All three conceptual designs include:

  • space for at least five standard-sized buses;
  • additional shelters, benches, bike racks, paving, and landscaping;
  • public washroom;
  • transit operator facility (assumed to be within library);
  • enhanced pedestrian space, including bulb-outs at corners;
  • opportunity for improved signage and customer information;
  • electronic next-bus schedule displays plus tactile strips (for visually impaired);
  • relocated and additional accessible parking and motorcycle parking;
  • includes heritage-style streetlights; and
  • alignment with CPTED (Crime Prevention Through Environmental Design) standards.

Source: City of Nelson agenda

Where it comes from, where it goes

The City of Nelson is both the service provider and operator of transit in the city of Nelson.

However, that is not the whole of the story as, in order to do so, the city has to enter into an operating agreement with BC Transit to provide the service.

The city is also part of the West Kootenay Transit system which created a structure to integrate transit throughout the West Kootenay, and do region wide planning.

The WKT committee makes recommendations where necessary and each of the three local governments — the City of Nelson, the RDCK and the RDKB — make final decisions on changes in their service area.

— Source: City of Nelson

A 2011 Nelson Transit Service Review identified constructing a new, larger exchange as a high priority.

That service review originally identified the 400 block of Victoria as the preferred location, noted Thumm, but that location was discarded due to that block being very narrow.

Subsequent BC Transit consultation in 2012 — consisting of open houses and a public survey — found that Victoria Street, near to the library, was one of the top three suggestions for a new transit exchange location.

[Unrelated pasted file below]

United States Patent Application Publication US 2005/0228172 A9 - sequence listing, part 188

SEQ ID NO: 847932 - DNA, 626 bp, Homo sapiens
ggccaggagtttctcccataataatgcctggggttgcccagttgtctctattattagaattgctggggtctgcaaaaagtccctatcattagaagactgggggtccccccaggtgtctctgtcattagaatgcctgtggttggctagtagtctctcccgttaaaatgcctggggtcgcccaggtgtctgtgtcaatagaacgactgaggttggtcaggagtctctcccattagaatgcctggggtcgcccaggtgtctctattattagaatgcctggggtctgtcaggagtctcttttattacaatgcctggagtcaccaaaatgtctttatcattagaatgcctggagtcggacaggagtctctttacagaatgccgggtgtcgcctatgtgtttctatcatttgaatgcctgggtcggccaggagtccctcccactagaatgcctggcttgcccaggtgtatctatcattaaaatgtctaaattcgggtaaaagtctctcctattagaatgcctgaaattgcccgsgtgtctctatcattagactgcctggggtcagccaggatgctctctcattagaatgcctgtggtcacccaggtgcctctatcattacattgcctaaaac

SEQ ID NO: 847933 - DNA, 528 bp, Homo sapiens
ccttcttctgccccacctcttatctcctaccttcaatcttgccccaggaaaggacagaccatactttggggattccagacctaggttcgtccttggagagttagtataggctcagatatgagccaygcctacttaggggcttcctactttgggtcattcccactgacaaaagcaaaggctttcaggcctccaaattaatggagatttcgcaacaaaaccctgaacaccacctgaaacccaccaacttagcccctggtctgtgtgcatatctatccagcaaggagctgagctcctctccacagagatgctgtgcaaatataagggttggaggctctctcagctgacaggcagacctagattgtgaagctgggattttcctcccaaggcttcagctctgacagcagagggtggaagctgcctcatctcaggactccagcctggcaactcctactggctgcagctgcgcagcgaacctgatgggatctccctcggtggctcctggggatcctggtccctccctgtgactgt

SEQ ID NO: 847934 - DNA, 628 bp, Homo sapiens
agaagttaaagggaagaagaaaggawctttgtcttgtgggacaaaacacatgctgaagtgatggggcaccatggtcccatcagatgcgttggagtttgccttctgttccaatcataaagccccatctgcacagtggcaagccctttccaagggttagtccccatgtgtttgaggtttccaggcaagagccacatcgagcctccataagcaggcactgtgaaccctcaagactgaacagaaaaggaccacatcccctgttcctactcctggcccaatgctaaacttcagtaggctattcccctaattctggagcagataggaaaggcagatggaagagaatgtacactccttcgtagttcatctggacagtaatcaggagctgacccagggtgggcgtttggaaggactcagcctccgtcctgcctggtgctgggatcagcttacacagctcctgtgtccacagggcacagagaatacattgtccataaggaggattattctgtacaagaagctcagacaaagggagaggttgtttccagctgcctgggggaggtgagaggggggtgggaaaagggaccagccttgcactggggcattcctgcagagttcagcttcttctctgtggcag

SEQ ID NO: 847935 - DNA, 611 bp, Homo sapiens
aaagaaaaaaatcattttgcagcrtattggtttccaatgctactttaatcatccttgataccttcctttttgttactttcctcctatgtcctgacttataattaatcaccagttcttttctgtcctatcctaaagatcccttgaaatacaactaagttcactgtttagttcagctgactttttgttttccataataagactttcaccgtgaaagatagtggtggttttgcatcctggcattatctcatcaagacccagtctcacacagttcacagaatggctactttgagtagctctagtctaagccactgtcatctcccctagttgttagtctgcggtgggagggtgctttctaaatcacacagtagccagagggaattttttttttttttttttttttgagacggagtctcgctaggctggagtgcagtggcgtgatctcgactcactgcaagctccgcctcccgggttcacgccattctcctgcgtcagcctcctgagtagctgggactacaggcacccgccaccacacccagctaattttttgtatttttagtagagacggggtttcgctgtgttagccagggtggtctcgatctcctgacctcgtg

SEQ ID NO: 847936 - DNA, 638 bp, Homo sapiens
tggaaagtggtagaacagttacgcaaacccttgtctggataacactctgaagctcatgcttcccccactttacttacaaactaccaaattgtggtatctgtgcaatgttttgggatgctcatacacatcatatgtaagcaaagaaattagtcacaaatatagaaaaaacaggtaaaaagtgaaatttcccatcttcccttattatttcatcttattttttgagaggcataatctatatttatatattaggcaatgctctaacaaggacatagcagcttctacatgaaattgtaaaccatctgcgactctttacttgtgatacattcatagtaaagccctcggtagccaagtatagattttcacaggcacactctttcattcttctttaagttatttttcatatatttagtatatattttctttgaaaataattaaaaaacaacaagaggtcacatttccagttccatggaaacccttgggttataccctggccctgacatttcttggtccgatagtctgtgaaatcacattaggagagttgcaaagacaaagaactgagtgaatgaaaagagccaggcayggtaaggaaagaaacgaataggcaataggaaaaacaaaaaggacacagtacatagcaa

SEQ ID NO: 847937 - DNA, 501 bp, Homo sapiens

Victoria Street was recommended by the 2011 service review because it is near Baker Street, there are few existing driveways, and would function well from an operations perspective.

Further, a 2017 Downtown Urban Design Strategy pegged the 300 block of Victoria as the recommended location for a new transit exchange, with a wider street.

Two new bus stops are proposed for Baker Street west of Josephine (one on each side of Baker) in order to continue to provide for pick-up and drop-off on Baker Street.

Results of the survey

145 responses were received to the public survey.

Many who own property or a business on or near the 300 block of Victoria have expressed their opposition to a transit exchange at this location.

If the exchange is moved to this location, they have requested several design changes, most notably:

  • changes to further preserve street parking;
  • changes to retain the existing loading zone; and
  • either remove the public washroom from the design or move it to Stanley Street to be as close to the police station as possible.

“Overall, most area stakeholders prefer option C2 (with two preferring option A). For many, their support of option C2 is on the condition that the mid-block crosswalk be eliminated in order to allow for more street parking,” noted Thumm.